The Global IUCN Network
The International Union for Conservation of Nature, is the largest global conservation network, with more than 1,300 Member organisations, 1,000 staff and over 14,500 volunteer experts in 160 countries.
Formed in 1948, the International Union for Conservation of Nature (IUCN) has since evolved to become the world’s largest and most diverse environmental network, which brings people together to develop solutions to the world’s most pressing environmental and development challenges - from threatened species and habitats, to climate change and food security.
Today, IUCN is the world’s global authority on the status of the natural world and the measures needed to safeguard it.
IUCN's Nature 2030 IUCN Programme, for the first time, sets its ambition in a decadal timeframe (2021–2030) and is a call for mobilisation to the entire Union, through a high-level, strategic document that includes and invites contributions from the IUCN Members, Commissions and Secretariat.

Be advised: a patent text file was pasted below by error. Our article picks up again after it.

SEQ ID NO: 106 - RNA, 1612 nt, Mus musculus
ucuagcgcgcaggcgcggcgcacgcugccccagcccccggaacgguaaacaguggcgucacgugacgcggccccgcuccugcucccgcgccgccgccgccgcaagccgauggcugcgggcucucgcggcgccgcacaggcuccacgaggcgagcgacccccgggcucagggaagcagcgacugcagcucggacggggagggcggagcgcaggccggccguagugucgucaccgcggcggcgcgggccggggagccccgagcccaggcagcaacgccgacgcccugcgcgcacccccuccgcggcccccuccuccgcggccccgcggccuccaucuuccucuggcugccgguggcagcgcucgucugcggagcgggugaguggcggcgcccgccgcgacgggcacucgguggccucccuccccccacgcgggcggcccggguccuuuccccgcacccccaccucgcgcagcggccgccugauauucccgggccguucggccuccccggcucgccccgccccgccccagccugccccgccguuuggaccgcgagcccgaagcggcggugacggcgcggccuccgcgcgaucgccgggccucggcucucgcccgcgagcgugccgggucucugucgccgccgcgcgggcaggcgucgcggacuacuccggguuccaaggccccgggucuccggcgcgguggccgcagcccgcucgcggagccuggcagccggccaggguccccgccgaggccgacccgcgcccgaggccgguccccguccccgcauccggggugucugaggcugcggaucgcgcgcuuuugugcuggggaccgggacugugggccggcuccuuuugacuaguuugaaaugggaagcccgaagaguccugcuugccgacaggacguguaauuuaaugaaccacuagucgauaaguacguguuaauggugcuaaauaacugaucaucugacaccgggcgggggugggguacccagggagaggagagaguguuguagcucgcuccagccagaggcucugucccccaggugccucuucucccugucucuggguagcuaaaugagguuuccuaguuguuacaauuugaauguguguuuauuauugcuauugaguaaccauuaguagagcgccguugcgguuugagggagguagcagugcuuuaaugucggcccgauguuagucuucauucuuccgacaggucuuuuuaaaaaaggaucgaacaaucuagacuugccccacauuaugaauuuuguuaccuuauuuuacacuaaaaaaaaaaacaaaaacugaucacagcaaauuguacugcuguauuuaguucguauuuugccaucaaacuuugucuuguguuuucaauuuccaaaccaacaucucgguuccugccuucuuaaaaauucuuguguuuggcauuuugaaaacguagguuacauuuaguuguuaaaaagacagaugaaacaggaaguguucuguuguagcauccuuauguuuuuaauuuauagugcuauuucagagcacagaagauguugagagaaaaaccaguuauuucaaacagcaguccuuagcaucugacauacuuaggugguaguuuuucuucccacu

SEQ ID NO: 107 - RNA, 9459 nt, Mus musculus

IUCN Members are a diverse group of organisations from 160 different countries. The membership is uniquely comprised of States, government agencies, non-governmental organisations (NGOs) and indigenous peoples’ organisations who share a vision for a just world that values and conserves nature.
IUCN’s Commissions unite more than 14,500 scientists and experts to provide the organisation and its Members with knowledge and policy advice to drive conservation and sustainable development across the planet. Experts are organised into six Commissions dedicated to species survival, environmental law, protected areas, social and economic policy, ecosystem management, and education and communication.
The Members’ Assembly, held every four years as part of the IUCN World Conservation Congress, is the union’s highest decision-making body. Inbetween sessions of the congress, the Council, which is elected by IUCN Members acts as the principal governing body. Headquartered in Gland, Switzerland, the IUCN Secretariat comprises over 900 staff in more than 50 countries.